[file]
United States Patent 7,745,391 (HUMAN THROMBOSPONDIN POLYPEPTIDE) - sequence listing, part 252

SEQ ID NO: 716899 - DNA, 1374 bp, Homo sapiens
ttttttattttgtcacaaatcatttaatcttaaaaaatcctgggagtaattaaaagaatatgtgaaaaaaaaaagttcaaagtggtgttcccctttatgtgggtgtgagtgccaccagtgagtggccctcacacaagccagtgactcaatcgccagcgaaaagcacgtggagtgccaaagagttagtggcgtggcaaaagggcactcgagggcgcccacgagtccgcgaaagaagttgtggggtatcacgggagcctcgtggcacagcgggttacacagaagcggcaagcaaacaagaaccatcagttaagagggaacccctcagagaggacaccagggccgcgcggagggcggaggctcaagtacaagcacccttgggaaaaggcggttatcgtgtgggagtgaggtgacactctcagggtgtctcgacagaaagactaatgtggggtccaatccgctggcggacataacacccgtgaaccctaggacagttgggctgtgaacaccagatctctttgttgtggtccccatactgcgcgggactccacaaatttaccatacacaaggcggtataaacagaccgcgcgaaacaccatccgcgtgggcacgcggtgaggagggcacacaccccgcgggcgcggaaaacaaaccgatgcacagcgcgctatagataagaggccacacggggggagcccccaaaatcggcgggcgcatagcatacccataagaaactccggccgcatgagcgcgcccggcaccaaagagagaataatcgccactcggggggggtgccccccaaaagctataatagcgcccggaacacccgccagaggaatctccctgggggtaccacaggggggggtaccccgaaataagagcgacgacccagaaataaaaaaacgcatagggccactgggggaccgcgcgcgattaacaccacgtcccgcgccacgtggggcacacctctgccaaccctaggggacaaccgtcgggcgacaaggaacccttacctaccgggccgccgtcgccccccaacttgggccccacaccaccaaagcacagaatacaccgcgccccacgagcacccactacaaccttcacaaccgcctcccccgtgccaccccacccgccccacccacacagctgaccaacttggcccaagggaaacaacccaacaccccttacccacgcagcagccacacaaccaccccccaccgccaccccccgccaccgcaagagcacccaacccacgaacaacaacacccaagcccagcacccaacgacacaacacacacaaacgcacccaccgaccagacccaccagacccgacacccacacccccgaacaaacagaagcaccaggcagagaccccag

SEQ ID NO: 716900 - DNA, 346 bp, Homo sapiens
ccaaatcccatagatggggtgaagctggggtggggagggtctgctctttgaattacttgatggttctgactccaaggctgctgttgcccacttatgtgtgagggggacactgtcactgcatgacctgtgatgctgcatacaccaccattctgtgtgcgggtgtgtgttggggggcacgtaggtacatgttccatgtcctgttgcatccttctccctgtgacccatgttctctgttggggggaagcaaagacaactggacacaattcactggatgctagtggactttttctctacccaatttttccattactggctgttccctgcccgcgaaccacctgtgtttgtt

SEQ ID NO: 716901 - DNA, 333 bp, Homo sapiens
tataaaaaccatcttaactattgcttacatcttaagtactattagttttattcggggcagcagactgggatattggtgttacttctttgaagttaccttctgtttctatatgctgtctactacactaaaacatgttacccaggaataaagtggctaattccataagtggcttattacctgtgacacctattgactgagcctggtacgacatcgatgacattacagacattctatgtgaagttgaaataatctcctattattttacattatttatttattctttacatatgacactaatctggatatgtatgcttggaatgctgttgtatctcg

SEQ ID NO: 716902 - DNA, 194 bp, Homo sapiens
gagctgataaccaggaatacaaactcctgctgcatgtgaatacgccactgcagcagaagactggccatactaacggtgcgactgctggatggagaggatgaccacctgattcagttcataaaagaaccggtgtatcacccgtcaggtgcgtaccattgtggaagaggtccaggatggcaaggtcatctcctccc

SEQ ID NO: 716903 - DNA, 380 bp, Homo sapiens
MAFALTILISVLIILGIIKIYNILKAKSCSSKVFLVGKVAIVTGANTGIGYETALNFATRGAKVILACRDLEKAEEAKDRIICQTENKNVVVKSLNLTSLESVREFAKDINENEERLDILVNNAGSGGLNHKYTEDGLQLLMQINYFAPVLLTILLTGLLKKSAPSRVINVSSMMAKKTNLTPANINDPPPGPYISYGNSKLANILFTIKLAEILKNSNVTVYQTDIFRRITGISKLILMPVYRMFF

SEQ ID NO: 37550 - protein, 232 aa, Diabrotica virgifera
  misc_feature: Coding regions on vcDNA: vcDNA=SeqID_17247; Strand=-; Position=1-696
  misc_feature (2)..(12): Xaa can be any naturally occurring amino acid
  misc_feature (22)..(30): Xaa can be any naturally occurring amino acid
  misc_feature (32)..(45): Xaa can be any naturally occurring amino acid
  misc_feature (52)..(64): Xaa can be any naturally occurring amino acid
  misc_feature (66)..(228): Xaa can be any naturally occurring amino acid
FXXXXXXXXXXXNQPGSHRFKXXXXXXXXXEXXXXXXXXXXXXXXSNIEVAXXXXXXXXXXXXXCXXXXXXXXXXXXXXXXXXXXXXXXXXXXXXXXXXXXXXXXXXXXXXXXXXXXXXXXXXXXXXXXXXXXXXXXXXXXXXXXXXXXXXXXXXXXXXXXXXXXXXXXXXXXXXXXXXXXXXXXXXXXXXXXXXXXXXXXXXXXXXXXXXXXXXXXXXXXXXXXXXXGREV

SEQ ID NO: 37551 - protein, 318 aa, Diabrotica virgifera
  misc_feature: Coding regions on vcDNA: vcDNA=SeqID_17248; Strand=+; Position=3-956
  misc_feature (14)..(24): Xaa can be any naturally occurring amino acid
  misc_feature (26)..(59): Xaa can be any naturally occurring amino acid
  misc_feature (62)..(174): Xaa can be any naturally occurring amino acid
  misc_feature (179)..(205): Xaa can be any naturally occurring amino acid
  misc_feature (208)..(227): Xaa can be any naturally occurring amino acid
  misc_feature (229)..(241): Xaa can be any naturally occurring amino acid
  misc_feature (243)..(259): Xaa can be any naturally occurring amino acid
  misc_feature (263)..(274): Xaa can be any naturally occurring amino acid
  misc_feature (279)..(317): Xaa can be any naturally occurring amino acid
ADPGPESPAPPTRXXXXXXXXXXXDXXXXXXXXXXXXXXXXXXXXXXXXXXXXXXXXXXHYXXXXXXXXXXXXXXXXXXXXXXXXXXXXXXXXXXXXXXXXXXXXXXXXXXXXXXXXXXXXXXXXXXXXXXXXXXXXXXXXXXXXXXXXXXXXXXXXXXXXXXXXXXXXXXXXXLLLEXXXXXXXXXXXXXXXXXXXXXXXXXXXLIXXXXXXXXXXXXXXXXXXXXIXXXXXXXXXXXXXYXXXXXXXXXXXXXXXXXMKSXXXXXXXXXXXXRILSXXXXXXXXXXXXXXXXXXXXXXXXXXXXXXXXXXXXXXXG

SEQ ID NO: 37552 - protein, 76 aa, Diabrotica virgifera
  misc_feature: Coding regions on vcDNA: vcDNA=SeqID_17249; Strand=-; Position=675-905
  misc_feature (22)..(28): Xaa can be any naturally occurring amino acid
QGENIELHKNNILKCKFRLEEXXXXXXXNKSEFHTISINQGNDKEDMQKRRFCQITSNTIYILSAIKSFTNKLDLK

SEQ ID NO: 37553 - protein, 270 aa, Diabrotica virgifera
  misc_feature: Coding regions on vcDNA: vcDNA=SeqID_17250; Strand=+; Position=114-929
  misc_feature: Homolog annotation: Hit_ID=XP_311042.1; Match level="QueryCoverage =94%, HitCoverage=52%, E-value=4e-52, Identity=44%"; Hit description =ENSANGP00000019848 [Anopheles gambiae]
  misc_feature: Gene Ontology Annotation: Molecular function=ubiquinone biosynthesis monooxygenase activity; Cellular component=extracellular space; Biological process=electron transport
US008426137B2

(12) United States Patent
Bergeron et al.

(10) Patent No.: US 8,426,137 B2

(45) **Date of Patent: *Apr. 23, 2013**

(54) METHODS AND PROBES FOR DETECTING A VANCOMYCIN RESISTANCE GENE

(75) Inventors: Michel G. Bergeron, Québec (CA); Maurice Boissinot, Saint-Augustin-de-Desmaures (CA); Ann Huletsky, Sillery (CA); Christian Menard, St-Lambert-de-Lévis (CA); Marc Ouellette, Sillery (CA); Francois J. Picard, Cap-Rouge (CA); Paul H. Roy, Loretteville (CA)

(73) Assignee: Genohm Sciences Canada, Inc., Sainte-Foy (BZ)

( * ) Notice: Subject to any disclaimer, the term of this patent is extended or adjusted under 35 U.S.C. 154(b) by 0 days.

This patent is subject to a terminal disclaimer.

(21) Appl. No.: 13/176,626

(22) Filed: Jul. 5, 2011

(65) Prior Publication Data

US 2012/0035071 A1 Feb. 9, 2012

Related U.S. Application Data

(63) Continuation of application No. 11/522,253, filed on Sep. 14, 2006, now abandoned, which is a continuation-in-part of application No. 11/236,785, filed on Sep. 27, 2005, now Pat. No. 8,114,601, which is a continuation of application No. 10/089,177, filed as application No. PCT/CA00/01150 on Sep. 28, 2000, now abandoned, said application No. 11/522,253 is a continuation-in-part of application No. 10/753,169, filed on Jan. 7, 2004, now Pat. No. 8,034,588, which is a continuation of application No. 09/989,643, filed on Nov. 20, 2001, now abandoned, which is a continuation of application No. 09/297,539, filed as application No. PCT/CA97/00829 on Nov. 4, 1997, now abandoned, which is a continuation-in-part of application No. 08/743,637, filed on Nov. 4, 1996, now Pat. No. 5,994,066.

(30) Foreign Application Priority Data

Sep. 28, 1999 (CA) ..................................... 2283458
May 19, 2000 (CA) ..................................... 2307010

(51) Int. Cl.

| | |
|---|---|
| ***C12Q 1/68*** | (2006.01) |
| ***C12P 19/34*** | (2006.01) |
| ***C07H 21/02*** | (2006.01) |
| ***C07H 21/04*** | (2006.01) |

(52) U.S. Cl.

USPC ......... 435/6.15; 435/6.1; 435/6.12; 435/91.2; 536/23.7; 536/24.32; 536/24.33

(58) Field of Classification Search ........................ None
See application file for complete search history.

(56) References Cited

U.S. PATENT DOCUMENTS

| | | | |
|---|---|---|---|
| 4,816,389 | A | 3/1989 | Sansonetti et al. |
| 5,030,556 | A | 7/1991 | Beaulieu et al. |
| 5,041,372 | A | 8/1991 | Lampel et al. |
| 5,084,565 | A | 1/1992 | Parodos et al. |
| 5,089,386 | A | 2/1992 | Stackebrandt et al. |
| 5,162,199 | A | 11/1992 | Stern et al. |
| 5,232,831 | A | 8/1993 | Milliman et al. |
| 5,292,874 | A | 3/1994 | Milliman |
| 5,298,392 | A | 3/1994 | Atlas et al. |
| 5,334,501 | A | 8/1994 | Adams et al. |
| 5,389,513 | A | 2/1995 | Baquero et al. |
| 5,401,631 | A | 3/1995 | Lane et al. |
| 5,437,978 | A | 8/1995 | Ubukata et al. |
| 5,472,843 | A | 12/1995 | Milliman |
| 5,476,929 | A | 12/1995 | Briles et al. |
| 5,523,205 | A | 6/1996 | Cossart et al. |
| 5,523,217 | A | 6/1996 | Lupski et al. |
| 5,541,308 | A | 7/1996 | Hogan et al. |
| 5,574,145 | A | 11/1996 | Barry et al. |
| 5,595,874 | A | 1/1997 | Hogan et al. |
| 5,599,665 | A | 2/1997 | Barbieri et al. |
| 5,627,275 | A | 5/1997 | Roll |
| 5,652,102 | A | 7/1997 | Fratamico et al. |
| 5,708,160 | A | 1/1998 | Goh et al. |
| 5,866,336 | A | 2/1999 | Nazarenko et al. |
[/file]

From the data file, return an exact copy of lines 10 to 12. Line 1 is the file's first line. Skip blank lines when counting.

SEQ ID NO: 716903 - DNA, 380 bp, Homo sapiens
MAFALTILISVLIILGIIKIYNILKAKSCSSKVFLVGKVAIVTGANTGIGYETALNFATRGAKVILACRDLEKAEEAKDRIICQTENKNVVVKSLNLTSLESVREFAKDINENEERLDILVNNAGSGGLNHKYTEDGLQLLMQINYFAPVLLTILLTGLLKKSAPSRVINVSSMMAKKTNLTPANINDPPPGPYISYGNSKLANILFTIKLAEILKNSNVTVYQTDIFRRITGISKLILMPVYRMFF

SEQ ID NO: 37550 - protein, 232 aa, Diabrotica virgifera